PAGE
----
Kukla's Korner Hockey
From Eric Duhatschek at the Globe & Mail:
Here’s a thought for the Calgary Flames to ponder, as they enter another off-season answering the same old questions about their future, both short-and-long term, and why they’re always good enough to make the playoffs but never good enough to win any rounds. Would they consider moving Dion Phaneuf, a 24- year-old defenceman, only one season removed from qualifying as a Norris Trophy finalist?
It would be a counterintuitive move on one level because if Phaneuf ever matured into a dominant defenceman, a la Chris Pronger, it is a decision that could backfire in a big way.
However, it is hard to imagine the Flames standing pat with their current core, given that they haven’t been able to win in the playoffs with the group they’ve got.
Al Cameron of the Flames Insider at the Calgary Herald, from Mike Keenan’s press conference:
Also interesting was Keenan’s somewhat condescending point (or maybe I’m just a little over-sensitive) that, yes, he’s been a member of the media in the past, and yes, he knows the pressures we’re under from higher-ups (yes, you editors know who you are!) to draw conclusions and pass judgement on hockey matters, but maybe, just maybe, we don’t know the full story in all cases..
A bit more from Keenan about this year’s playoffs here, mentioning that he plans to be behind the bench next season, and a few other points.
And what did Miikka Kiprusoff have to say today? Another posting from Cameron:
Hey, whaddya know? Miikka Kiprusoff, for the second straight year, has elected to blow off the media and, by extension, blow off the fans of the Calgary Flames by not speaking on garbage bag day.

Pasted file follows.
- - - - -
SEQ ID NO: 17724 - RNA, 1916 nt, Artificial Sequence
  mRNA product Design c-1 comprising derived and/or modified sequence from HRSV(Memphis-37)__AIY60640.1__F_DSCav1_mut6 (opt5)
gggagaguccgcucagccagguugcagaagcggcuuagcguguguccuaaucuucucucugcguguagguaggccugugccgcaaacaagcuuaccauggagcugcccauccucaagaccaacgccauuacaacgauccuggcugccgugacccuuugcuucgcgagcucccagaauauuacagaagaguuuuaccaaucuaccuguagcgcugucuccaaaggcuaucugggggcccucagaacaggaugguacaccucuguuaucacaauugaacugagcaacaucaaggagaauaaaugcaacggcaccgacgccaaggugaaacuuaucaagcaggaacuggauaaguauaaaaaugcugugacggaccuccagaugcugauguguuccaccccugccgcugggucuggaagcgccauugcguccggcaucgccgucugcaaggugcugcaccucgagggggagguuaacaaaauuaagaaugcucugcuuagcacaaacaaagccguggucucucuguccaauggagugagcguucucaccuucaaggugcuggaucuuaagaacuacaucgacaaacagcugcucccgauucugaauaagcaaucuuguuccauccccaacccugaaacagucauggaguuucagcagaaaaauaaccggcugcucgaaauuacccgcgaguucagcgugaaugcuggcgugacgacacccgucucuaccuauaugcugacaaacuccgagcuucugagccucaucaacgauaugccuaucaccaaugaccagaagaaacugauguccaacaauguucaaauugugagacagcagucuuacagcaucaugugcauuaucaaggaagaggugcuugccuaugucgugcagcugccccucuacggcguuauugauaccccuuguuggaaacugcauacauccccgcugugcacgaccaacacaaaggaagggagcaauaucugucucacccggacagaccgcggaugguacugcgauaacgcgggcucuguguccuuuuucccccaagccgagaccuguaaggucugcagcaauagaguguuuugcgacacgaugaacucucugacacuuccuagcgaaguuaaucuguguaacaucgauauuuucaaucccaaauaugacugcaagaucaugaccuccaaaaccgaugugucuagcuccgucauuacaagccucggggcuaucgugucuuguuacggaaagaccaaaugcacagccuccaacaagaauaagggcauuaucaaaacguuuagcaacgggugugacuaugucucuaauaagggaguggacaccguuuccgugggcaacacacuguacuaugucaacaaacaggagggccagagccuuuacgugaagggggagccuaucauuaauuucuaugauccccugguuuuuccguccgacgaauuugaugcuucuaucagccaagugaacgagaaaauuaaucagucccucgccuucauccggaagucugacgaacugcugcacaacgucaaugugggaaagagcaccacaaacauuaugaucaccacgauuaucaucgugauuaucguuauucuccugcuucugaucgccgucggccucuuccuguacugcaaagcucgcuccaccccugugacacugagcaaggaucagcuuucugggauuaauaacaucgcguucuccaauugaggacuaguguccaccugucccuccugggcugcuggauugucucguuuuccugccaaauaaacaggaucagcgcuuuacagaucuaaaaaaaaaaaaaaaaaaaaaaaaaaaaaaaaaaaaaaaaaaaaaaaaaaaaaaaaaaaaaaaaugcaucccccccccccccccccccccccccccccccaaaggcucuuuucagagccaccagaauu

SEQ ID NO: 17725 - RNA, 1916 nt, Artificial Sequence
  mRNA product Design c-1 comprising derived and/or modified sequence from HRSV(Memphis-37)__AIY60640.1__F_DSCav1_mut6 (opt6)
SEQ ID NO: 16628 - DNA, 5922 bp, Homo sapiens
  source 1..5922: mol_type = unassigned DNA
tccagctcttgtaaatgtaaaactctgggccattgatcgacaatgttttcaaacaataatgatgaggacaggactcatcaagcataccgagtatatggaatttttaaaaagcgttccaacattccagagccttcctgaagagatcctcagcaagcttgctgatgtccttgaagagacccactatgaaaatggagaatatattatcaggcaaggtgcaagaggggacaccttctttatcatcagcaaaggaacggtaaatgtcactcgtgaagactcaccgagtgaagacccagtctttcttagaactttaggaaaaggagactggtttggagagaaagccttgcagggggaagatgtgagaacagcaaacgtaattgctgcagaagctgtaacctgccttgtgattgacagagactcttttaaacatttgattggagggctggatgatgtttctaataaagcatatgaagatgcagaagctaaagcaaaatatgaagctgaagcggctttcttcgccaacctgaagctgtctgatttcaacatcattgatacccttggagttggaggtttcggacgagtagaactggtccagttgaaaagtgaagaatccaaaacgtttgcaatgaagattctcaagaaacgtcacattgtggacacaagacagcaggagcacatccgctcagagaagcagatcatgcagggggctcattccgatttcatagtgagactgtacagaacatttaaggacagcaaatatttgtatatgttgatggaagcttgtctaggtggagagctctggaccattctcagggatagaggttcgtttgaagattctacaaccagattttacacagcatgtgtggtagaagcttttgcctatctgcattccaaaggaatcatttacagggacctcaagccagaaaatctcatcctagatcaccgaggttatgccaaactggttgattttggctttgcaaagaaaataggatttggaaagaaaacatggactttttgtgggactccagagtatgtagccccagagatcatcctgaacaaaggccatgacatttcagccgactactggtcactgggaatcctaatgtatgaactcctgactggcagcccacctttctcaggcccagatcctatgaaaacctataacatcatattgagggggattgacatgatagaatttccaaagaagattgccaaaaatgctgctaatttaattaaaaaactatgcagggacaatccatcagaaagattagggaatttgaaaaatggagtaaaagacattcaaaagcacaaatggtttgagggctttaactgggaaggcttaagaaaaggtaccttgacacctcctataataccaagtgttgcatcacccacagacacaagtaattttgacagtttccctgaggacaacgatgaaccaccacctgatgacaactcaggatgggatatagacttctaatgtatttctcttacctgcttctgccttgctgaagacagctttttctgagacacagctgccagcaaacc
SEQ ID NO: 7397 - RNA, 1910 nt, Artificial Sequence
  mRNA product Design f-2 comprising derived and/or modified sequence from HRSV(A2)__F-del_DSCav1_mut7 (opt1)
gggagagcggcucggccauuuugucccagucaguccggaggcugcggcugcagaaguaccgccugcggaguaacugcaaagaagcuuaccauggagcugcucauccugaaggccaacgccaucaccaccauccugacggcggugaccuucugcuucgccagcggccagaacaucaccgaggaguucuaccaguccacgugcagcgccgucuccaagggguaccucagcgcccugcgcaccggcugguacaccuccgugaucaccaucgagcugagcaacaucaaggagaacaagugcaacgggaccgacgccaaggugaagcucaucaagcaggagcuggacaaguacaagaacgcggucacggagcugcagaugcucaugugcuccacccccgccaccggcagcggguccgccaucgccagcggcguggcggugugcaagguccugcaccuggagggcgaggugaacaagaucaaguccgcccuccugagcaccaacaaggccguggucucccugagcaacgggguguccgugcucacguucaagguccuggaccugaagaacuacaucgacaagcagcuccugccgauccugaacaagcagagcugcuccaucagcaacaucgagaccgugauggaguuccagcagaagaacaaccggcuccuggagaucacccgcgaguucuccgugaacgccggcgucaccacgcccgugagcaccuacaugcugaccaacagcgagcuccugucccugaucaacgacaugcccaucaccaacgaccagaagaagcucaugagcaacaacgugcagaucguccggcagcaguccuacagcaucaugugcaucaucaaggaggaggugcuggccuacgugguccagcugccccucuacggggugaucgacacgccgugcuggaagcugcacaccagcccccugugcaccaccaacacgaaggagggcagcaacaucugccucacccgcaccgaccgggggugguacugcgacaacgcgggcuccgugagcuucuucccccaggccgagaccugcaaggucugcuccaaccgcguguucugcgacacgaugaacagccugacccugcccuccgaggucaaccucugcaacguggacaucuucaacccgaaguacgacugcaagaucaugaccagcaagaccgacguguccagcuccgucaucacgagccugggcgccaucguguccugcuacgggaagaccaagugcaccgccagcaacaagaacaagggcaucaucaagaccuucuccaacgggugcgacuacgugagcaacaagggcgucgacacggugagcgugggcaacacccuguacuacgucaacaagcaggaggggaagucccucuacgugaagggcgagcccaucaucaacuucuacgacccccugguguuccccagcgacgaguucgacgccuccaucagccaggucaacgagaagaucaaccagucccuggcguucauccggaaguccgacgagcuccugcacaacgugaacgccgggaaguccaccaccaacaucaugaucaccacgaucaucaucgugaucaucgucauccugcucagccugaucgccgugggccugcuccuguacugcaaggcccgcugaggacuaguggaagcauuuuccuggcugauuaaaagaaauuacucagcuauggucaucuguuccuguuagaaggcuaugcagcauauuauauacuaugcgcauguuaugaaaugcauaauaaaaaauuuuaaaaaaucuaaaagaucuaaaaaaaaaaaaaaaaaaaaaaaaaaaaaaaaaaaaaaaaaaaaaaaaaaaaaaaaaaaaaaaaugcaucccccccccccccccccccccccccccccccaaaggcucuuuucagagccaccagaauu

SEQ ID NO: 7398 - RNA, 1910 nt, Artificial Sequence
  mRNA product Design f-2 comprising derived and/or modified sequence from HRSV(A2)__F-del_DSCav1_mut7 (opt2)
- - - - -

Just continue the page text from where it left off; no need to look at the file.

Yes, I know his job is to stop pucks for the Calgary Flames, not speak to the media, but at some point he’s got to say something to the people who pay a good chunk of his salary by buying tickets to see him play.
No such luck this year. Thanks for nothing, Miikka . . .
from Eric Duhatschek of the Globe and Mail,
So here is the question facing the Calgary Flames ownership group, as they sift through the ashes of another disappointing first-round playoff exit.
Did the edition of the team, coached by Mike Keenan and managed by Darryl Sutter, have the right stuff for a long playoff run, but was simply undermined by injuries to key personnel?
Or do their problems winning in the post-season run deeper, and require an organizational makeover from top to bottom.
At this early stage — only one day removed from a first-round ouster by the Chicago Blackhawks — you can safely predict one thing: The organization will conduct a complete review before the blame game starts, the scapegoats are identified and the changes come.
via Jeff Gordon of the Hockey Guy at the St. Louis Post-Dispatch,
Here is a shocker: Mike Keenan has once failed horribly with a big budget team, amid great hype.
The yesteryear coaching legend had led still another franchise to epic disappointment. This time it is the Calgary Flames – a team that Darryl Sutter retooled to meet Iron Mike’s specifications.
The Flames caught a first-round cab against the upstart Blackhawks, coached by Old Friend Joel Quenneville.
The bald-headed despot ran off skilled players, played goaltender Miikka Kiprusoff into the ice and then got outcoached when the games mattered. Nice work!
Given the high expectations in Calgary, this exit will not go over well. Knowing Keenan, he will probably try and end-around by going to ownership to get more control, at the expense of GM Darryl Sutter.
Perhaps Sutter will try to save himself by cashiering Keenan, who is a tactically incompetent coach whose motivational tactics quit working ages ago — when top players gained lifetime security with multi-million-dollar deals.